Paul Merton, one of the UK’s most popular comedians, together with his highly renowned Impro Chums: Mike McShane, Lee Simpson, Richard Vranch and Suki Webster, will create a brand new show every night, inspired by suggestions from you the audience as well as their own finely honed improvisational skills.
I have been waiting to see Paul Merton’s Impro Chums for years, having missed it over and again at Brighton and Edinburgh, and I was thrilled to finally catch it at Latitude, where it didn’t disappoint.
The format is very much that of a traditional improv show, where fun and extremely silly games are played off the back of some audience suggestions, and the performers wholeheartedly throw themselves into these most absurd situations!
Merton’s chums were: Mike McShane, Lee Simpson, Richard Vranch and Suki Webster, all of whom were great, but Lee Simpson and Mike McShane were particular stand outs.
McShane excelled himself in the improvised Shakespeare play with which they ended the show, sireing and whereforeartthouing his way through the absurd scuba diving antics that was Death of an Octopus. (More of an Arthur Miller parody than Shakespeare, but then the audience were providing slim pickings in terms of titular suggestions, mainly suggesting already existing Shakespeare plays, much to the frustration of Merton!!)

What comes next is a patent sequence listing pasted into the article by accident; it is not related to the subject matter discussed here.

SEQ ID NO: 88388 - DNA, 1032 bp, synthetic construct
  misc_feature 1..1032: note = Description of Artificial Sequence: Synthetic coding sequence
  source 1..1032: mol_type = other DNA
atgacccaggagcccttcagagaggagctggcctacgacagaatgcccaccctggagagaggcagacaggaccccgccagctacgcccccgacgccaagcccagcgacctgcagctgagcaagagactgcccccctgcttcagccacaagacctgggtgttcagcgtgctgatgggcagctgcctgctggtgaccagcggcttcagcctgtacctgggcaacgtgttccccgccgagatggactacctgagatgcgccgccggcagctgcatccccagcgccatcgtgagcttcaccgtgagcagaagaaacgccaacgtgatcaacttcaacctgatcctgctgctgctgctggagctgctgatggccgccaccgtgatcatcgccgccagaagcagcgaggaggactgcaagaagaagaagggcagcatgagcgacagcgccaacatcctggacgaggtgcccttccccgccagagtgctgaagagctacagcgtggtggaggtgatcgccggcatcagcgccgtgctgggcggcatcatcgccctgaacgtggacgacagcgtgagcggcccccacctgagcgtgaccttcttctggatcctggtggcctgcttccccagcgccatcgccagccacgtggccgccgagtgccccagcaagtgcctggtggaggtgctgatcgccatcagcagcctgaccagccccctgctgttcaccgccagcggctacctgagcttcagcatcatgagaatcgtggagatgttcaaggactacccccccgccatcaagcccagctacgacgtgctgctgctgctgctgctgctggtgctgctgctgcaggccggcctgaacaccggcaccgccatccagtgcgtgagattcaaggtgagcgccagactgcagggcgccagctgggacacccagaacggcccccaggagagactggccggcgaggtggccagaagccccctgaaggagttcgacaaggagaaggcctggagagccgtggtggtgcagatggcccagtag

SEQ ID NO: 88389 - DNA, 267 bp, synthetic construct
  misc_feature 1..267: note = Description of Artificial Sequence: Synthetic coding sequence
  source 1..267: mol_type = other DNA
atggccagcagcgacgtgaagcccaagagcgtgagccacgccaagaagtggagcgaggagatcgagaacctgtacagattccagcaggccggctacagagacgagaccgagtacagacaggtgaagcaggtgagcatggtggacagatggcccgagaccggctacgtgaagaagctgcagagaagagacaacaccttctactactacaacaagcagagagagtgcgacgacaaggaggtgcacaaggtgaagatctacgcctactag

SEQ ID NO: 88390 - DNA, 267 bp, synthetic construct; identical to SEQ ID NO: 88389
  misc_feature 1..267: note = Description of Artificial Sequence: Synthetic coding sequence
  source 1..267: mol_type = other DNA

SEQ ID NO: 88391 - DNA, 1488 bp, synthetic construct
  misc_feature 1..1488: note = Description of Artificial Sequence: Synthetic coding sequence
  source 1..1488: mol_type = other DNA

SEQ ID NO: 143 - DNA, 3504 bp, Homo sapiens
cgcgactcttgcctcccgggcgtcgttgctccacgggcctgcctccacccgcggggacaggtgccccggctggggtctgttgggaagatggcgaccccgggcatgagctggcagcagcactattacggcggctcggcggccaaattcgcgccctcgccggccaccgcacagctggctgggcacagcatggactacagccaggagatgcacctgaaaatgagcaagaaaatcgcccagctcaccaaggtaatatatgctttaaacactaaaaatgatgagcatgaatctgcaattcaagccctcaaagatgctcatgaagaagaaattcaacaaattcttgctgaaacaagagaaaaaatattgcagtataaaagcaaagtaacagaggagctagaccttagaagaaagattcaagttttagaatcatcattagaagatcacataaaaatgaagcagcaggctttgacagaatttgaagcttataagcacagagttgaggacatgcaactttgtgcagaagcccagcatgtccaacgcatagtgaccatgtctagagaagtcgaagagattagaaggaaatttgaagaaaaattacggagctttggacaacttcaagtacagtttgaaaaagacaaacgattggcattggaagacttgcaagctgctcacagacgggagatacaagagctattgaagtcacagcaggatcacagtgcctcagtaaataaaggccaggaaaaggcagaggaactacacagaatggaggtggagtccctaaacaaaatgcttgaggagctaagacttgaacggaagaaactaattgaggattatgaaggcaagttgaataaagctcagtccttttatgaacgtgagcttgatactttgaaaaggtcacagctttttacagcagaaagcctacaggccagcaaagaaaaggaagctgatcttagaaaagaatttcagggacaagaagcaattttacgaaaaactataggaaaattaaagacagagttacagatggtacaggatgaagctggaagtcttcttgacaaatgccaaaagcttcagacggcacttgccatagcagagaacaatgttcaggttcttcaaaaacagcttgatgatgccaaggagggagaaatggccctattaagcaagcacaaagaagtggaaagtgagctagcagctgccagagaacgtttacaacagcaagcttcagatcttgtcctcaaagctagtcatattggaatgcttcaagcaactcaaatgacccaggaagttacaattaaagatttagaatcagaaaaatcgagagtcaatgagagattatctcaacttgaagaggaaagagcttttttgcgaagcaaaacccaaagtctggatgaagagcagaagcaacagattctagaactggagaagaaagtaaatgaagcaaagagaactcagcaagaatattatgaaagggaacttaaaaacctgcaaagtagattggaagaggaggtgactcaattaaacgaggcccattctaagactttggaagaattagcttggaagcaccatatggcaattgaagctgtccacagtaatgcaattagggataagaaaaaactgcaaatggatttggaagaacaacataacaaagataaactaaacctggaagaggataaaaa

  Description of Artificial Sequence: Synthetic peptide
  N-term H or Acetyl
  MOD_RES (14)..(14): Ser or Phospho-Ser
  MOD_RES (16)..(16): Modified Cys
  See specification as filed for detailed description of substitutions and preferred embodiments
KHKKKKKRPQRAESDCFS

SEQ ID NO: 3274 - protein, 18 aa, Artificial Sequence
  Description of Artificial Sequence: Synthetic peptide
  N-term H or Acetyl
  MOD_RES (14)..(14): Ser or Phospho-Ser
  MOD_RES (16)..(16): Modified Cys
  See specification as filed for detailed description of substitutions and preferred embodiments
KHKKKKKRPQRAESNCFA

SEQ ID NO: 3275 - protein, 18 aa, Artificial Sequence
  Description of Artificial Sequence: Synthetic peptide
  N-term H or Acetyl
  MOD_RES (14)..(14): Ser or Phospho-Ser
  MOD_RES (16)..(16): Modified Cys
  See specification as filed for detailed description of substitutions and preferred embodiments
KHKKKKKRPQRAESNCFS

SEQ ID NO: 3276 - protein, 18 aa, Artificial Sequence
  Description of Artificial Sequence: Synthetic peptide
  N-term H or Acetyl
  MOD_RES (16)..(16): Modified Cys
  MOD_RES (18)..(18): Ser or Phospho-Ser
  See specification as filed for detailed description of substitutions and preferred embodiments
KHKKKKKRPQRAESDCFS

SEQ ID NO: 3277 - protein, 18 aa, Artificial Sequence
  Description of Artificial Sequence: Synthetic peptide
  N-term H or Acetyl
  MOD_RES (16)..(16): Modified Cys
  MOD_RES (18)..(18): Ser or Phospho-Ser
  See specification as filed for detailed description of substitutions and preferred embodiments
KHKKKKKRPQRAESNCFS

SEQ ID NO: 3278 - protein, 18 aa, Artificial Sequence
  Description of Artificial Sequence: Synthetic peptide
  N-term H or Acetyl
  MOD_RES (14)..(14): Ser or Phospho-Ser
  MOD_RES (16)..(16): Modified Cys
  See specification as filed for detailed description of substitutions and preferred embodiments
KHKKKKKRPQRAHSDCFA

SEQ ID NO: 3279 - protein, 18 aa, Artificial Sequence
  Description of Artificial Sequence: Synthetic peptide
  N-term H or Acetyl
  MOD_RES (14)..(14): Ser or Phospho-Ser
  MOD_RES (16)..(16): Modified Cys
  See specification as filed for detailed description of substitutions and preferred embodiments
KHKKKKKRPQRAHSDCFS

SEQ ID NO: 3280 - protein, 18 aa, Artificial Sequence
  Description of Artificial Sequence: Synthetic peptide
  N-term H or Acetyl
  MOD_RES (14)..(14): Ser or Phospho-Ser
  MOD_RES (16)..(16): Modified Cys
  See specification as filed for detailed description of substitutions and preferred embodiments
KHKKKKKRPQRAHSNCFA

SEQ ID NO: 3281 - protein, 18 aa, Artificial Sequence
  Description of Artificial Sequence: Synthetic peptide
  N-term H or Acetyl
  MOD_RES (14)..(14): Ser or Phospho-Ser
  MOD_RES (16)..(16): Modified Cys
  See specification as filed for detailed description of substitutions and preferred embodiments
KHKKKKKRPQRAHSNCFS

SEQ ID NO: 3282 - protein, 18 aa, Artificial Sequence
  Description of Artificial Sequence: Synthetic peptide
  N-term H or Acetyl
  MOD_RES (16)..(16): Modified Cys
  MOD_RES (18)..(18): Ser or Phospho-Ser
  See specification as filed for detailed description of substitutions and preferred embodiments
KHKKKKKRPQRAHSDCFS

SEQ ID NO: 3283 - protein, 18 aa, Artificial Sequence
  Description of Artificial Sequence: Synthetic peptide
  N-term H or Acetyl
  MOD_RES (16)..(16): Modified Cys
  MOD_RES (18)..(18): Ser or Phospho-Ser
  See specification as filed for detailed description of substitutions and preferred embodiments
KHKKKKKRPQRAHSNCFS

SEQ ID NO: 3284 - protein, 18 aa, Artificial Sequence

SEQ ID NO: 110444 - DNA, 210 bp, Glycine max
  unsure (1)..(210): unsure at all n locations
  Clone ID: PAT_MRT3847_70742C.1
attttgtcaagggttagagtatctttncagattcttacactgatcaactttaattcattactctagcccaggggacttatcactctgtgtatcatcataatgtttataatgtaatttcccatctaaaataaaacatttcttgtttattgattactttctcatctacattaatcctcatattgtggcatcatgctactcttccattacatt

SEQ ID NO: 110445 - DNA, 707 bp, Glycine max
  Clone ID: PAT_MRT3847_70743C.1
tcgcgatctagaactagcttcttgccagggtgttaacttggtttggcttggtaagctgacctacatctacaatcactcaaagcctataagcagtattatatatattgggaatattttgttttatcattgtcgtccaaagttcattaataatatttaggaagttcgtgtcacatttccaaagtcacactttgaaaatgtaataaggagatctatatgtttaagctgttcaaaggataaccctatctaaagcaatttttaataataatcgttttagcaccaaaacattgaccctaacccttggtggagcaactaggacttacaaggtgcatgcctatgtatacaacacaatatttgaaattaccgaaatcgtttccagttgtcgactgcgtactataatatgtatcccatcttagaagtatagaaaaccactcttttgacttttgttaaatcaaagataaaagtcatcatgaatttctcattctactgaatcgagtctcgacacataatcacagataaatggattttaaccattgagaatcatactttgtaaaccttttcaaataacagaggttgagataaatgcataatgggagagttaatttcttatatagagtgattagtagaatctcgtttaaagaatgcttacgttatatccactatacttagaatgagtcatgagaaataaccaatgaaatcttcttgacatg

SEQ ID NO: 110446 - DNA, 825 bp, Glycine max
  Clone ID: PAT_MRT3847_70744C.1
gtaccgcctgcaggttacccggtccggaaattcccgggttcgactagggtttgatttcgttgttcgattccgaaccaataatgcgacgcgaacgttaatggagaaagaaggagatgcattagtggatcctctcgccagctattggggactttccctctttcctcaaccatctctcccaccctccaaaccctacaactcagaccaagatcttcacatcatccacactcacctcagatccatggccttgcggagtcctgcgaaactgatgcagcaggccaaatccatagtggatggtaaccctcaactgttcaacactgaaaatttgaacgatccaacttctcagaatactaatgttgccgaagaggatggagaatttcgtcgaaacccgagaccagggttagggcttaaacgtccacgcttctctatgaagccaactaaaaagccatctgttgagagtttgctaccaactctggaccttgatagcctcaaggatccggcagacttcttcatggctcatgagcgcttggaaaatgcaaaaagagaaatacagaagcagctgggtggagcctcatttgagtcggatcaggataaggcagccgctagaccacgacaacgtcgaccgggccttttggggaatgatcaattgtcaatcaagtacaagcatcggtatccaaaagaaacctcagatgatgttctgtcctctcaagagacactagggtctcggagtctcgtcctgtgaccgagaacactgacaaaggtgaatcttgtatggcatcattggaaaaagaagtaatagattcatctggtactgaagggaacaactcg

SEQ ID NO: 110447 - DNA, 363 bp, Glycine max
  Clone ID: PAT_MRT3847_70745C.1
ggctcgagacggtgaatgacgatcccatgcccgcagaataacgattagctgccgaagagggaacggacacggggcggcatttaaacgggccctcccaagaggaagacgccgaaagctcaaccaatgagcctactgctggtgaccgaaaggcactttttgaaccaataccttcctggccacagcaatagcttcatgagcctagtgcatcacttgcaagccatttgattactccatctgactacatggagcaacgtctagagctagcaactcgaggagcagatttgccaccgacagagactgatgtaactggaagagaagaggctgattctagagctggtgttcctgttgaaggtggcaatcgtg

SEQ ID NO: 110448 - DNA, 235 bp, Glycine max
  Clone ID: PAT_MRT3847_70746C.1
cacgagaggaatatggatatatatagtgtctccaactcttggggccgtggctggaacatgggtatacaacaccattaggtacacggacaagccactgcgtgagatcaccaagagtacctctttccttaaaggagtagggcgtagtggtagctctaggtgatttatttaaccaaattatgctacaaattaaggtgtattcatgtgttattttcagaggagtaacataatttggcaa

Improvising is a real skill and relies heavily on the quick-witted responses of the performers. When I saw the improvised play Animo, by Blind Summit and Improbable, earlier in the festival, I found it frustrating that there were many opportunities missed for funny repartee.
Lee Simpson featured in both shows, and it became clear that in improv it is very much the company you keep that makes you funny. Fortunately, unlike Animo, the Impro chums consistently delighted the audience with the bonkers and sparky responses they gave, and the result was uproarious comedy.